WASHINGTON — The Senate voted overwhelmingly Thursday to take up the Reagan Administration's controversial plan to sell Conrail, the government-owned freight railroad, to Norfolk Southern Corp. for $1.2 billion.
The procedural vote of 90 to 7 on the nearly year-old proposal paved the way for possible final Senate action next week in what is expected to be a key test of the Administration's efforts to return the railroad to the private sector.
Opponents of the Transportation Department plan have argued that the sale to Norfolk Southern is not the best alternative for Conrail, which was created by Congress after the bankruptcy of the Penn Central and several other rail lines in the early 1970s. Critics say the deal is anti-competitive and will create a new rail monopoly that could harm some regional railroads.
Two key critics, Sens. Howard M. Metzenbaum (D-Ohio) and Arlen Specter (R-Pa.), agreed Thursday to allow the procedural vote so the Senate could debate the issue, but they warned that they had not changed their minds about opposing the Administration plan.
Specter said several attempts would be made to send the measure back to committee so the sale's antitrust implications, as well as alternative sale plans, could be discussed. A $1.4-billion offer for Conrail has been made by a group of investors organized by Morgan Stanley & Co., a New York investment banking firm, while an offer for $1.6 billion has emerged more recently from the financial houses First Boston Corp. and Allen & Co. of New York.
Despite the criticism of the proposed sale, President Reagan, at a meeting with 150 business leaders at the White House, urged Congress to approve it, declaring: "Government ownership is no way to run a railroad.
"If we're going to bring down deficit spending, what better place to start than by trimming away those costly activities like Conrail, which the government should never have been involved with in the first place."
Reagan described Norfolk Southern as a strong company that promises to promote Conrail's financial strength and service. "When the private sector can deliver better service for less money than the public sector, as it can with Conrail, then the government must step aside," he said.
Norfolk Southern has proposed to pay the government $1.2 billion in cash on the day of the sale, along with other considerations. The Transportation Department, which considered 14 proposals before choosing Norfolk Southern last February, has steadfastly defended the plan as the best proposal for the railroad and its employees.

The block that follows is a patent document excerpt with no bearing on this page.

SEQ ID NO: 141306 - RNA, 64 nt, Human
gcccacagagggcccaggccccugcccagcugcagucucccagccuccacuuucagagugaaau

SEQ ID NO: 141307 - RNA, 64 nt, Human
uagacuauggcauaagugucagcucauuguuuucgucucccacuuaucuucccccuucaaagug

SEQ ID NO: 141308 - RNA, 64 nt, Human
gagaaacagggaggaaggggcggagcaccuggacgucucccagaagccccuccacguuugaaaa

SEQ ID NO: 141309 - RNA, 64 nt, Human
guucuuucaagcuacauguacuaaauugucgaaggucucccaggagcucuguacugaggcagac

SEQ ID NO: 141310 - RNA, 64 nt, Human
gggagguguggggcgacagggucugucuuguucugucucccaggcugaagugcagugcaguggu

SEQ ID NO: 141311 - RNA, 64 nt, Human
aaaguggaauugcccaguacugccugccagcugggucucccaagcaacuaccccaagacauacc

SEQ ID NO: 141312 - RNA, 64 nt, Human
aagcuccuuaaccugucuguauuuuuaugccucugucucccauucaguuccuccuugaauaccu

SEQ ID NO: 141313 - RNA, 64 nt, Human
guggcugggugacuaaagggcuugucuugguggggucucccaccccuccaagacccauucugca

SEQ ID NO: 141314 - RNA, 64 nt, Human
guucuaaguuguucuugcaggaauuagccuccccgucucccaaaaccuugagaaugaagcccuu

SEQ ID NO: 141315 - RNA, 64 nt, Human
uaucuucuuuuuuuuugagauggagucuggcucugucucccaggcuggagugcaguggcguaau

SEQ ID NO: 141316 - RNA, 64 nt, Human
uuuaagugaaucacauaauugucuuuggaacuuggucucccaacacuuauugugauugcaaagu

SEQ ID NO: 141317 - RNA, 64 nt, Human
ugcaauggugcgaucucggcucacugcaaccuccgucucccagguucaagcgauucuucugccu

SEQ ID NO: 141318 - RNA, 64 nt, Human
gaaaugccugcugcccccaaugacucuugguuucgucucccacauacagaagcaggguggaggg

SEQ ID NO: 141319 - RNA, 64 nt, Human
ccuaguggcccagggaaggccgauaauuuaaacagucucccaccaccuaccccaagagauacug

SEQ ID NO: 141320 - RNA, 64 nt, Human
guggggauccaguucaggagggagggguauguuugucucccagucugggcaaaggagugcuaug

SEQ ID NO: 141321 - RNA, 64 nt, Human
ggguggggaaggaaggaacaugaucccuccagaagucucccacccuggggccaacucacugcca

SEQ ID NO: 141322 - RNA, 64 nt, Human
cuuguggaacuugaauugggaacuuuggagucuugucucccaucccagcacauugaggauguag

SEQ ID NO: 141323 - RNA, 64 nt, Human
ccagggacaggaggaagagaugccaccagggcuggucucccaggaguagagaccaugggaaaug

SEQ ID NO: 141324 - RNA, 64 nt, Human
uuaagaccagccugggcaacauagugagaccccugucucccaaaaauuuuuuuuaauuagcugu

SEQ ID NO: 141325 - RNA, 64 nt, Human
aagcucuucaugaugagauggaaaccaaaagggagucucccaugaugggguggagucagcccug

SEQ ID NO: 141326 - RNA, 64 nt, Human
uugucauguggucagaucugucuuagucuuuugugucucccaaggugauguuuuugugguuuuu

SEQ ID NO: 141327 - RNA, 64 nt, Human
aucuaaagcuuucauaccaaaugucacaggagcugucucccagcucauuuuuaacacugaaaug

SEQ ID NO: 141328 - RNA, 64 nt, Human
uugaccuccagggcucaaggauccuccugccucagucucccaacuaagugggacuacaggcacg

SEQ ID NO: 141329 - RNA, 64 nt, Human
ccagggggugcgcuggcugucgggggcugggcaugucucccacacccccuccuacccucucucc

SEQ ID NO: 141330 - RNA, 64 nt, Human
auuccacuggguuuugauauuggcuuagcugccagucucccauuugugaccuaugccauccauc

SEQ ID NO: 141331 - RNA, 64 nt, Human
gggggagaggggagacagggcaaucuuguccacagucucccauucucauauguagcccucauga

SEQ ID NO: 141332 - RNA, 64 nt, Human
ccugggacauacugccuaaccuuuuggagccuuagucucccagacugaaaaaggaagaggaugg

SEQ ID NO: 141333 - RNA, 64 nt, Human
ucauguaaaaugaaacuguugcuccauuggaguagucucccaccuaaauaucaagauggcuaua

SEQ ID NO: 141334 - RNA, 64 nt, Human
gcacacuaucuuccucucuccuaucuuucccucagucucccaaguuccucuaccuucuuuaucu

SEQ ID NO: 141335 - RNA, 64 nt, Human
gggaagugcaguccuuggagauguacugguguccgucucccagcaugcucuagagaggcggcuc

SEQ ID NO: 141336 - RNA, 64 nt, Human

The Justice Department reviewed the proposal and gave its tentative approval to the Norfolk Southern bid but is still working on a more detailed analysis.
Opponents of the plan, such as Specter, have questioned whether Norfolk Southern's $1.2-billion bid for the government's 85% interest in Conrail is adequate. Specter has called Morgan Stanley's $1.4-billion offer "infinitely superior" because it would enable the current Conrail management to stay in place and would allow the resale of stock to the public.
In response, the government has argued that it prefers the Norfolk Southern plan because Norfolk Southern has agreed to waive $2.1 billion in certain tax advantages that it could otherwise have claimed, because it has agreed to a minimum annual capital investment of $350 million to $500 million on Conrail's lines and because it has pledged a number of employee protections.
Sen. John C. Danforth (R-Mo.), the bill's floor manager, said Thursday that--although a Treasury Department report has estimated that the Norfolk Southern plan would produce a $174-million revenue loss through 1990, while the Morgan Stanley proposal would produce a $24-million gain--the report noted that revenue effects in the long run would be highly similar.
Calling Norfolk Southern "perhaps the strongest railroad in the country," Danforth said that he would be willing to give up some of the revenue for the assurance that the financial strength of Conrail would be preserved.